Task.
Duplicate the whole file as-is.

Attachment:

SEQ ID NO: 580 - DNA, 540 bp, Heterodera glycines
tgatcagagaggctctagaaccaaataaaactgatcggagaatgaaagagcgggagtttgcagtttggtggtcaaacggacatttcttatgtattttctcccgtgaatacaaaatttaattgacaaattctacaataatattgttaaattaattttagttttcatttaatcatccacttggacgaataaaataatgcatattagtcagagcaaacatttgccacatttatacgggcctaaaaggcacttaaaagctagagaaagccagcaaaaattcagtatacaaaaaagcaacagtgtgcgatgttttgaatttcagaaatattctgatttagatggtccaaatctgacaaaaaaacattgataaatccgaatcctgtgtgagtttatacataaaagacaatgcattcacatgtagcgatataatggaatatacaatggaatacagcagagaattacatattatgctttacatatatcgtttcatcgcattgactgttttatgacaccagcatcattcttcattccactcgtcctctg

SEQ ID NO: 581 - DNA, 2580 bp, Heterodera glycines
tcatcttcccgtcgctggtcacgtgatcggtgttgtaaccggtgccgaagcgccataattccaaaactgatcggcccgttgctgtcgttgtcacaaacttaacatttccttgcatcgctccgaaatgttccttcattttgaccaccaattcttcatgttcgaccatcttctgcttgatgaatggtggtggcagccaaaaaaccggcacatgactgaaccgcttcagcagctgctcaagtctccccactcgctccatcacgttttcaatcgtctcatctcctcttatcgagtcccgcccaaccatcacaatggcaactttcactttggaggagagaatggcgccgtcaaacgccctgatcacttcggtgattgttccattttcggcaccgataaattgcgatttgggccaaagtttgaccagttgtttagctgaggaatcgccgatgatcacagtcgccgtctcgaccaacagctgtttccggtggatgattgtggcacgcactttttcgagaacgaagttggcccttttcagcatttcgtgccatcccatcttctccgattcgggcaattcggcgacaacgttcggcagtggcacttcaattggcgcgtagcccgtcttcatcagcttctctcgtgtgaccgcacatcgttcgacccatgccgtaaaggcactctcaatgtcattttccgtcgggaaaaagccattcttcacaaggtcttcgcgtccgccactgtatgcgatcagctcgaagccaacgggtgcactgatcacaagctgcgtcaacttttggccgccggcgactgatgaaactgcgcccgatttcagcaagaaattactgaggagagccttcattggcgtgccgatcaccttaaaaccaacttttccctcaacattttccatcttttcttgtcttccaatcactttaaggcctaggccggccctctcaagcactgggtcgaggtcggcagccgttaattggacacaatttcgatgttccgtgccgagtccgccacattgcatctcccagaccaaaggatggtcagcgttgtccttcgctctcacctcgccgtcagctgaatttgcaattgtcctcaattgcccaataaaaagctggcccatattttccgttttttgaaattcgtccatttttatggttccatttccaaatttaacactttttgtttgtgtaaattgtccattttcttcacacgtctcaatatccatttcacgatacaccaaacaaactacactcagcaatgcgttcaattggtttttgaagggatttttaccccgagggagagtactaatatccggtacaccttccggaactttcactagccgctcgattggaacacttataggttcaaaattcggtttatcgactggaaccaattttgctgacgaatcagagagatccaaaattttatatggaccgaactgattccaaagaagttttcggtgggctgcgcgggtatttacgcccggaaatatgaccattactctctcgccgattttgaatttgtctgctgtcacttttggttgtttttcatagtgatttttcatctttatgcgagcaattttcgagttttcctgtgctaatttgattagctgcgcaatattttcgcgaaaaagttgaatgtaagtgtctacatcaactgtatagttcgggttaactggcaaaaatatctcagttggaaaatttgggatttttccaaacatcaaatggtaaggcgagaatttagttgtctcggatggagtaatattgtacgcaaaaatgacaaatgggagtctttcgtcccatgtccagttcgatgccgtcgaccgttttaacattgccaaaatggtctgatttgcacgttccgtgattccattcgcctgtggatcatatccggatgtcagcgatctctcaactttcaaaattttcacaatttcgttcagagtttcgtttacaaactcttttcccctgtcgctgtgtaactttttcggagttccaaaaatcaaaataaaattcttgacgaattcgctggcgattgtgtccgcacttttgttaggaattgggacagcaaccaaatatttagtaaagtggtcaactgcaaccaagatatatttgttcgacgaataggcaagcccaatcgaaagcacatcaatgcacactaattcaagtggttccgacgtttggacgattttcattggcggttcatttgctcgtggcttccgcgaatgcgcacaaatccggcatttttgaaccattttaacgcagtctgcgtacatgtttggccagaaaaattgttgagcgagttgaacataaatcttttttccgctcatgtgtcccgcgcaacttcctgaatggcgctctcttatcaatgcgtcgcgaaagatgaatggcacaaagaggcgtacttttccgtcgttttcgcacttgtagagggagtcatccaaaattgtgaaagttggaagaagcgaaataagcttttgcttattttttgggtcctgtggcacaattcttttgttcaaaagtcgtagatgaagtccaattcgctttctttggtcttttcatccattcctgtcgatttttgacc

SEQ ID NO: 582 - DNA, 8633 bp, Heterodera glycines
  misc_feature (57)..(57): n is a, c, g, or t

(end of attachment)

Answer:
SEQ ID NO: 580 - DNA, 540 bp, Heterodera glycines
tgatcagagaggctctagaaccaaataaaactgatcggagaatgaaagagcgggagtttgcagtttggtggtcaaacggacatttcttatgtattttctcccgtgaatacaaaatttaattgacaaattctacaataatattgttaaattaattttagttttcatttaatcatccacttggacgaataaaataatgcatattagtcagagcaaacatttgccacatttatacgggcctaaaaggcacttaaaagctagagaaagccagcaaaaattcagtatacaaaaaagcaacagtgtgcgatgttttgaatttcagaaatattctgatttagatggtccaaatctgacaaaaaaacattgataaatccgaatcctgtgtgagtttatacataaaagacaatgcattcacatgtagcgatataatggaatatacaatggaatacagcagagaattacatattatgctttacatatatcgtttcatcgcattgactgttttatgacaccagcatcattcttcattccactcgtcctctg

SEQ ID NO: 581 - DNA, 2580 bp, Heterodera glycines
tcatcttcccgtcgctggtcacgtgatcggtgttgtaaccggtgccgaagcgccataattccaaaactgatcggcccgttgctgtcgttgtcacaaacttaacatttccttgcatcgctccgaaatgttccttcattttgaccaccaattcttcatgttcgaccatcttctgcttgatgaatggtggtggcagccaaaaaaccggcacatgactgaaccgcttcagcagctgctcaagtctccccactcgctccatcacgttttcaatcgtctcatctcctcttatcgagtcccgcccaaccatcacaatggcaactttcactttggaggagagaatggcgccgtcaaacgccctgatcacttcggtgattgttccattttcggcaccgataaattgcgatttgggccaaagtttgaccagttgtttagctgaggaatcgccgatgatcacagtcgccgtctcgaccaacagctgtttccggtggatgattgtggcacgcactttttcgagaacgaagttggcccttttcagcatttcgtgccatcccatcttctccgattcgggcaattcggcgacaacgttcggcagtggcacttcaattggcgcgtagcccgtcttcatcagcttctctcgtgtgaccgcacatcgttcgacccatgccgtaaaggcactctcaatgtcattttccgtcgggaaaaagccattcttcacaaggtcttcgcgtccgccactgtatgcgatcagctcgaagccaacgggtgcactgatcacaagctgcgtcaacttttggccgccggcgactgatgaaactgcgcccgatttcagcaagaaattactgaggagagccttcattggcgtgccgatcaccttaaaaccaacttttccctcaacattttccatcttttcttgtcttccaatcactttaaggcctaggccggccctctcaagcactgggtcgaggtcggcagccgttaattggacacaatttcgatgttccgtgccgagtccgccacattgcatctcccagaccaaaggatggtcagcgttgtccttcgctctcacctcgccgtcagctgaatttgcaattgtcctcaattgcccaataaaaagctggcccatattttccgttttttgaaattcgtccatttttatggttccatttccaaatttaacactttttgtttgtgtaaattgtccattttcttcacacgtctcaatatccatttcacgatacaccaaacaaactacactcagcaatgcgttcaattggtttttgaagggatttttaccccgagggagagtactaatatccggtacaccttccggaactttcactagccgctcgattggaacacttataggttcaaaattcggtttatcgactggaaccaattttgctgacgaatcagagagatccaaaattttatatggaccgaactgattccaaagaagttttcggtgggctgcgcgggtatttacgcccggaaatatgaccattactctctcgccgattttgaatttgtctgctgtcacttttggttgtttttcatagtgatttttcatctttatgcgagcaattttcgagttttcctgtgctaatttgattagctgcgcaatattttcgcgaaaaagttgaatgtaagtgtctacatcaactgtatagttcgggttaactggcaaaaatatctcagttggaaaatttgggatttttccaaacatcaaatggtaaggcgagaatttagttgtctcggatggagtaatattgtacgcaaaaatgacaaatgggagtctttcgtcccatgtccagttcgatgccgtcgaccgttttaacattgccaaaatggtctgatttgcacgttccgtgattccattcgcctgtggatcatatccggatgtcagcgatctctcaactttcaaaattttcacaatttcgttcagagtttcgtttacaaactcttttcccctgtcgctgtgtaactttttcggagttccaaaaatcaaaataaaattcttgacgaattcgctggcgattgtgtccgcacttttgttaggaattgggacagcaaccaaatatttagtaaagtggtcaactgcaaccaagatatatttgttcgacgaataggcaagcccaatcgaaagcacatcaatgcacactaattcaagtggttccgacgtttggacgattttcattggcggttcatttgctcgtggcttccgcgaatgcgcacaaatccggcatttttgaaccattttaacgcagtctgcgtacatgtttggccagaaaaattgttgagcgagttgaacataaatcttttttccgctcatgtgtcccgcgcaacttcctgaatggcgctctcttatcaatgcgtcgcgaaagatgaatggcacaaagaggcgtacttttccgtcgttttcgcacttgtagagggagtcatccaaaattgtgaaagttggaagaagcgaaataagcttttgcttattttttgggtcctgtggcacaattcttttgttcaaaagtcgtagatgaagtccaattcgctttctttggtcttttcatccattcctgtcgatttttgacc

SEQ ID NO: 582 - DNA, 8633 bp, Heterodera glycines
  misc_feature (57)..(57): n is a, c, g, or t